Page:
After over a year of quietly sitting meditation at 4:00AM each morning, and sometimes twice a day during retreats, I decided that spiritual wasn’t the problem. The problem was that religions, for the most part, had lost their spirit and were more devoted to the same pursuits as the culture that surrounded them; that is, a paternalistic pattern of materialism and narcissism. It seems that most churches, temples, mosques and other places of worship serve as monuments to the ego of the spiritual leader rather than as examples of social justice and ethical behavior. Somehow spiritual became confused with religious.

I left the ashram with an understanding that the cultural affliction of Post Traumatic Stress Disorder (PTSD) was its loss of spirit and the teachings of the spirit that so many of the religions gave service to, but did not provide to their followers. I realized that permaculture too had focused too narrowly on the material world and that without the enlivening influence of spirit, it was not providing the necessary guidance to those seeking another paradigm.

We have just concluded a year of sabbatical at the Permaculture Institute, an organization founded by Bill Mollison, Francis Huxley, and myself 21 years ago. Our purpose was to be an educational, demonstration, and research organization founded on the teaching of permaculture. After the last year of thought, meditation, and conversation we have agreed that we want to include more emphasis on ethics, principles and spirit in order to heal ourselves and our wounded culture. We believe that part of the healing comes from learning how to cast off the economic bonds of the dominant culture through self-regenerative lifestyles. To do this we will have to depend more on the Folk Wisdom of land-based peoples that permaculture has drawn so much from. We also want to reconfigure the standard permaculture curriculum to make clear and emphasize ethics and principles while eliminating the greed and materialism from our lives, simultaneously introducing mutualism and love in their place. I often substitute the word love for care as I think that one can only truly care for that which one loves.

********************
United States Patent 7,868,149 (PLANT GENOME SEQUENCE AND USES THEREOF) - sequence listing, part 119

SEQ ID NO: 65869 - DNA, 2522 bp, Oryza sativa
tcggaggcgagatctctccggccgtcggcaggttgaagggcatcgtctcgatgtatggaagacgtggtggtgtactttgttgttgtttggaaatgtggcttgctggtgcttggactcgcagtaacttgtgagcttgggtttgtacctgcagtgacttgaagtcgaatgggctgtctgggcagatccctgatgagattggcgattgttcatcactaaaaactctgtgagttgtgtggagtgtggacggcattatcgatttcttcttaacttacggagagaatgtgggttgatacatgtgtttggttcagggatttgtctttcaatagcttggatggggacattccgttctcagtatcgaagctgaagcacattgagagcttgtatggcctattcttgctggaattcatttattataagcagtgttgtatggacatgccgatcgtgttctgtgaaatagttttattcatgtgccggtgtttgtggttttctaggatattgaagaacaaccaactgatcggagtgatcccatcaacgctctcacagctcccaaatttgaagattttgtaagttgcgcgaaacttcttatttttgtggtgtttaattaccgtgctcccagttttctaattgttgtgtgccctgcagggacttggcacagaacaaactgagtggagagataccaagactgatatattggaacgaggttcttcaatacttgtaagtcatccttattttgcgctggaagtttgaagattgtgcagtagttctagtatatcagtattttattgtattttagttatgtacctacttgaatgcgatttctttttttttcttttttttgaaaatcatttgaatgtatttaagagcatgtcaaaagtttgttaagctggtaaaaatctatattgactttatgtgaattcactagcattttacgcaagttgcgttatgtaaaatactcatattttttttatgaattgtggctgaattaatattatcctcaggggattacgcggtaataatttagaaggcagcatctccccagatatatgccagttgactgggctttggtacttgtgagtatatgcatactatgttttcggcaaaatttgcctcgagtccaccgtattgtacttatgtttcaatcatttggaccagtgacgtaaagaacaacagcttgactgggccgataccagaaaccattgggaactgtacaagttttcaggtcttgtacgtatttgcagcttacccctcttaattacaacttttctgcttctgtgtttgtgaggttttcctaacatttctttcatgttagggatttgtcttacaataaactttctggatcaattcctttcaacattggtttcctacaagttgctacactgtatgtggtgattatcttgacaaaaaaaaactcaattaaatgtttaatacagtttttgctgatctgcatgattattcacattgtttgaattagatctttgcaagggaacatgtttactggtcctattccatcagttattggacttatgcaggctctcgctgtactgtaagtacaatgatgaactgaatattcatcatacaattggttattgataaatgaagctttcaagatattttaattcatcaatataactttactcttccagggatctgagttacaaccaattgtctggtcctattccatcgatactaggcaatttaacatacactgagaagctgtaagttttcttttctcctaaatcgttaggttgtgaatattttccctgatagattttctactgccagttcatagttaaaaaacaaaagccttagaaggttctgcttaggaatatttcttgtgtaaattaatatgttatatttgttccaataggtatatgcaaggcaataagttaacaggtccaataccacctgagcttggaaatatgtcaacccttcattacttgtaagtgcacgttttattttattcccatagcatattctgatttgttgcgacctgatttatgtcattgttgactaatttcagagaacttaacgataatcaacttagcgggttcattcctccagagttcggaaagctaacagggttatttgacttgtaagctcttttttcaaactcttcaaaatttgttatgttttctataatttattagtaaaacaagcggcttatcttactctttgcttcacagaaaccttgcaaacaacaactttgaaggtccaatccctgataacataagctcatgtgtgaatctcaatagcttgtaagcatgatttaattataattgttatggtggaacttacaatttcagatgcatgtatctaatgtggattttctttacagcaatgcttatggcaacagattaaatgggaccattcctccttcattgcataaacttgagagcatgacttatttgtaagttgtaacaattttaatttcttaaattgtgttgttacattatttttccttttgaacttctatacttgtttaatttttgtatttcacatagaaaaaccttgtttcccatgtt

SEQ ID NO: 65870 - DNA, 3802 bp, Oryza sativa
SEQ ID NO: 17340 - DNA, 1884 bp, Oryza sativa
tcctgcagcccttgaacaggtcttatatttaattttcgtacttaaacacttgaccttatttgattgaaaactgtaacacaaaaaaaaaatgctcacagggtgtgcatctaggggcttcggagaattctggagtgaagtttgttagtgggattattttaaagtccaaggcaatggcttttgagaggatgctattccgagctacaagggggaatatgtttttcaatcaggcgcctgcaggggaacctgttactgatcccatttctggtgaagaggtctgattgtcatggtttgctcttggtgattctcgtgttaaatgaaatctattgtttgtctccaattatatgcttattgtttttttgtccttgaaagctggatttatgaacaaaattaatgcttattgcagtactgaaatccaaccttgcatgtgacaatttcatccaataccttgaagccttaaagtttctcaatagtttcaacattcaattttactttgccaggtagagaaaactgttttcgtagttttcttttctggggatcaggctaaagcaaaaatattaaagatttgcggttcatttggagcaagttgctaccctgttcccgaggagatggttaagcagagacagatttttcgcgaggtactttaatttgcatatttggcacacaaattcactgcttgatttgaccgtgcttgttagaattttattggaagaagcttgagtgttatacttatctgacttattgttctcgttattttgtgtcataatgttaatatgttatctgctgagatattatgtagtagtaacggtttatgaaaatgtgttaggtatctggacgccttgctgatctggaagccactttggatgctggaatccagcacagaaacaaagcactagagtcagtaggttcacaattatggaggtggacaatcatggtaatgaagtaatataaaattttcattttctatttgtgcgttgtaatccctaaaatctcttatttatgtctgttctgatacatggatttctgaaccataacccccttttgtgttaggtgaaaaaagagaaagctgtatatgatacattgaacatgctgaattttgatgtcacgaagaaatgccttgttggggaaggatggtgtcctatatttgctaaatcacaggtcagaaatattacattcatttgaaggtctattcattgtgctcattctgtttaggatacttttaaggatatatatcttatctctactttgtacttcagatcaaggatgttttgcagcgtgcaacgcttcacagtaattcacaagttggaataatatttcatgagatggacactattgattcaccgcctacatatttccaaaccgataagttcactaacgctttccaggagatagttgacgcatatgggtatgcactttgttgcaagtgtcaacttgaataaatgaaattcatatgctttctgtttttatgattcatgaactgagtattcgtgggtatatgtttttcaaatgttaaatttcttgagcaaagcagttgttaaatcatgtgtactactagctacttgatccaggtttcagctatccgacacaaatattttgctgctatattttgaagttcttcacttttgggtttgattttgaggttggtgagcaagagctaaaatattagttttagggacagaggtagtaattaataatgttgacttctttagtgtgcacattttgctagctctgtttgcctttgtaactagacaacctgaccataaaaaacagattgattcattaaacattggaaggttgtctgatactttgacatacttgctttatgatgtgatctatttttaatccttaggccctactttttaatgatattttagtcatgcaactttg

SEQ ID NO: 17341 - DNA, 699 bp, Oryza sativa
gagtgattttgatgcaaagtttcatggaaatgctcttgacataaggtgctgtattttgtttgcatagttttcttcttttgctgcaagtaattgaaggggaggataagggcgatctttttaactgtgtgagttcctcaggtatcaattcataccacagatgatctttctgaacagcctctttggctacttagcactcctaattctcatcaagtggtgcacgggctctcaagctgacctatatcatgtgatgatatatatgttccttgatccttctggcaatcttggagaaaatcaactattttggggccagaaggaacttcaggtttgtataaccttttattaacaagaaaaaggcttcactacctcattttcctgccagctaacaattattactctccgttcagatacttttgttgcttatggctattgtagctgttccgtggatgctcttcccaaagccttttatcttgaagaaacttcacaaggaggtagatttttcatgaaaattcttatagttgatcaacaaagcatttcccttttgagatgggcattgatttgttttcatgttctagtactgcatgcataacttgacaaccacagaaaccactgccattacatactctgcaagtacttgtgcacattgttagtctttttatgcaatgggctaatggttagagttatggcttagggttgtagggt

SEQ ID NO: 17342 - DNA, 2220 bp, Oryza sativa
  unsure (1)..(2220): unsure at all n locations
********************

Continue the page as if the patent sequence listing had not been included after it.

I certainly hope you join us in creating a strong and viable medicine for the cultural malaise we seem to be surrounded by. I am only hopeful when I think of a future of more caring for each other and our living Gaia.

I am stepping down as board member and director of the Permaculture Institute and leaving it in the caring and capable hands of Jason Gerhardt. I will continue to serve in an advisory role to the institute as long as I possibly can.

The Permaculture Institute will be offering three updated courses this year: a teacher training and two PDC’s; we intend to offer curriculum and training encompassing our updated direction for permaculture, and hope you will join us and follow along as we release more articles and insights for the permaculture movement.